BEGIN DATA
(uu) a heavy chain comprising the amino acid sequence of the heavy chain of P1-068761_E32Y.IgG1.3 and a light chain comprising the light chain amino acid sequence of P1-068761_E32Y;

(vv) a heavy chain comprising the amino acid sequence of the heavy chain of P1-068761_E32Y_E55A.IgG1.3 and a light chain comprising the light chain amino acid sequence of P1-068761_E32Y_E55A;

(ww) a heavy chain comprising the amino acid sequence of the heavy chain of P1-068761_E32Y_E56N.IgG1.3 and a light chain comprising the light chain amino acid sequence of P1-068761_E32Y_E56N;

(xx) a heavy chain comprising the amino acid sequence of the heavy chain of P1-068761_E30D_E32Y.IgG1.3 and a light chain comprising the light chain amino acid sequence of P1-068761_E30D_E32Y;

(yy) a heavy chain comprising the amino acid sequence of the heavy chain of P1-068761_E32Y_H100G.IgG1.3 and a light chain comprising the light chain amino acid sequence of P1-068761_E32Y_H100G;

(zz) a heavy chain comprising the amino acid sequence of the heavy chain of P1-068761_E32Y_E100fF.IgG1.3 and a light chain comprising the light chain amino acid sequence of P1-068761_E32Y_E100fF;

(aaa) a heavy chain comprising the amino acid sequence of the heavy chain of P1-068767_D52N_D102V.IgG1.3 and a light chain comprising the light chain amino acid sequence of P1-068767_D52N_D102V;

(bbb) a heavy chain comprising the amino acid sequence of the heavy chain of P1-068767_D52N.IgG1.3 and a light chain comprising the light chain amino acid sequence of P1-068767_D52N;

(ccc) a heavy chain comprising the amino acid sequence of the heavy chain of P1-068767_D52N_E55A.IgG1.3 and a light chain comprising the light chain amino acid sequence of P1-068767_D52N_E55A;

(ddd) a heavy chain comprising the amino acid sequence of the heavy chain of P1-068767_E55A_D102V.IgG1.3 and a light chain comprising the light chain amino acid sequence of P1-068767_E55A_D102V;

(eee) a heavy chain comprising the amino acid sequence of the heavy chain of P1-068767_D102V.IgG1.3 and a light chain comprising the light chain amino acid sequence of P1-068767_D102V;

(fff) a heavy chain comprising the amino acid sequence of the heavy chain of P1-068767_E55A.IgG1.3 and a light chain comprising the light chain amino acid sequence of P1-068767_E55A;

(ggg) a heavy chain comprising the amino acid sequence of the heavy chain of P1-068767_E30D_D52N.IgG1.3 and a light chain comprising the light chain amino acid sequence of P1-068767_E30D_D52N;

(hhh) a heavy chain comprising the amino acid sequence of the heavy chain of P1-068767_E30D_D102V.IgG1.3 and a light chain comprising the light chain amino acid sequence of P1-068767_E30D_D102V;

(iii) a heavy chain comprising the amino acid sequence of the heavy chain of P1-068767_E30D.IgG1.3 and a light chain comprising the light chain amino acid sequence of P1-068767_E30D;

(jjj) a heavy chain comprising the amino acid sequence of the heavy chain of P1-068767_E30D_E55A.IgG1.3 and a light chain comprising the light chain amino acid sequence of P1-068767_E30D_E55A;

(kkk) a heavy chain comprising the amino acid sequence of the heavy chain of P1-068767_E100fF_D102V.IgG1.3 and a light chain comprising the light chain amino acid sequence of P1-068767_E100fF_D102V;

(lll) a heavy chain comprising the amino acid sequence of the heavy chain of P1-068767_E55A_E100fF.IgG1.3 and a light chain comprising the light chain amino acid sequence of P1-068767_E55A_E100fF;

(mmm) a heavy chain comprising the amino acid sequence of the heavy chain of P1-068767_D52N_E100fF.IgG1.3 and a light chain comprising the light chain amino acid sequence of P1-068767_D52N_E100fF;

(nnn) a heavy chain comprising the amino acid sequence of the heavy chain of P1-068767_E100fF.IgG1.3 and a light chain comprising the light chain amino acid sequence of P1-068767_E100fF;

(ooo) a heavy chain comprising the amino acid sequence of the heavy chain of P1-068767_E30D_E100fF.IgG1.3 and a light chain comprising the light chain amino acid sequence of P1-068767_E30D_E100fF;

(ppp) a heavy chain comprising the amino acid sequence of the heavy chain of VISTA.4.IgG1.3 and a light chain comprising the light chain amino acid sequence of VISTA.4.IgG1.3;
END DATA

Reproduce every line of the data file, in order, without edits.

(uu) a heavy chain comprising the amino acid sequence of the heavy chain of P1-068761_E32Y.IgG1.3 and a light chain comprising the light chain amino acid sequence of P1-068761_E32Y;

(vv) a heavy chain comprising the amino acid sequence of the heavy chain of P1-068761_E32Y_E55A.IgG1.3 and a light chain comprising the light chain amino acid sequence of P1-068761_E32Y_E55A;

(ww) a heavy chain comprising the amino acid sequence of the heavy chain of P1-068761_E32Y_E56N.IgG1.3 and a light chain comprising the light chain amino acid sequence of P1-068761_E32Y_E56N;

(xx) a heavy chain comprising the amino acid sequence of the heavy chain of P1-068761_E30D_E32Y.IgG1.3 and a light chain comprising the light chain amino acid sequence of P1-068761_E30D_E32Y;

(yy) a heavy chain comprising the amino acid sequence of the heavy chain of P1-068761_E32Y_H100G.IgG1.3 and a light chain comprising the light chain amino acid sequence of P1-068761_E32Y_H100G;

(zz) a heavy chain comprising the amino acid sequence of the heavy chain of P1-068761_E32Y_E100fF.IgG1.3 and a light chain comprising the light chain amino acid sequence of P1-068761_E32Y_E100fF;

(aaa) a heavy chain comprising the amino acid sequence of the heavy chain of P1-068767_D52N_D102V.IgG1.3 and a light chain comprising the light chain amino acid sequence of P1-068767_D52N_D102V;

(bbb) a heavy chain comprising the amino acid sequence of the heavy chain of P1-068767_D52N.IgG1.3 and a light chain comprising the light chain amino acid sequence of P1-068767_D52N;

(ccc) a heavy chain comprising the amino acid sequence of the heavy chain of P1-068767_D52N_E55A.IgG1.3 and a light chain comprising the light chain amino acid sequence of P1-068767_D52N_E55A;

(ddd) a heavy chain comprising the amino acid sequence of the heavy chain of P1-068767_E55A_D102V.IgG1.3 and a light chain comprising the light chain amino acid sequence of P1-068767_E55A_D102V;

(eee) a heavy chain comprising the amino acid sequence of the heavy chain of P1-068767_D102V.IgG1.3 and a light chain comprising the light chain amino acid sequence of P1-068767_D102V;

(fff) a heavy chain comprising the amino acid sequence of the heavy chain of P1-068767_E55A.IgG1.3 and a light chain comprising the light chain amino acid sequence of P1-068767_E55A;

(ggg) a heavy chain comprising the amino acid sequence of the heavy chain of P1-068767_E30D_D52N.IgG1.3 and a light chain comprising the light chain amino acid sequence of P1-068767_E30D_D52N;

(hhh) a heavy chain comprising the amino acid sequence of the heavy chain of P1-068767_E30D_D102V.IgG1.3 and a light chain comprising the light chain amino acid sequence of P1-068767_E30D_D102V;

(iii) a heavy chain comprising the amino acid sequence of the heavy chain of P1-068767_E30D.IgG1.3 and a light chain comprising the light chain amino acid sequence of P1-068767_E30D;

(jjj) a heavy chain comprising the amino acid sequence of the heavy chain of P1-068767_E30D_E55A.IgG1.3 and a light chain comprising the light chain amino acid sequence of P1-068767_E30D_E55A;

(kkk) a heavy chain comprising the amino acid sequence of the heavy chain of P1-068767_E100fF_D102V.IgG1.3 and a light chain comprising the light chain amino acid sequence of P1-068767_E100fF_D102V;

(lll) a heavy chain comprising the amino acid sequence of the heavy chain of P1-068767_E55A_E100fF.IgG1.3 and a light chain comprising the light chain amino acid sequence of P1-068767_E55A_E100fF;

(mmm) a heavy chain comprising the amino acid sequence of the heavy chain of P1-068767_D52N_E100fF.IgG1.3 and a light chain comprising the light chain amino acid sequence of P1-068767_D52N_E100fF;

(nnn) a heavy chain comprising the amino acid sequence of the heavy chain of P1-068767_E100fF.IgG1.3 and a light chain comprising the light chain amino acid sequence of P1-068767_E100fF;

(ooo) a heavy chain comprising the amino acid sequence of the heavy chain of P1-068767_E30D_E100fF.IgG1.3 and a light chain comprising the light chain amino acid sequence of P1-068767_E30D_E100fF;

(ppp) a heavy chain comprising the amino acid sequence of the heavy chain of VISTA.4.IgG1.3 and a light chain comprising the light chain amino acid sequence of VISTA.4.IgG1.3;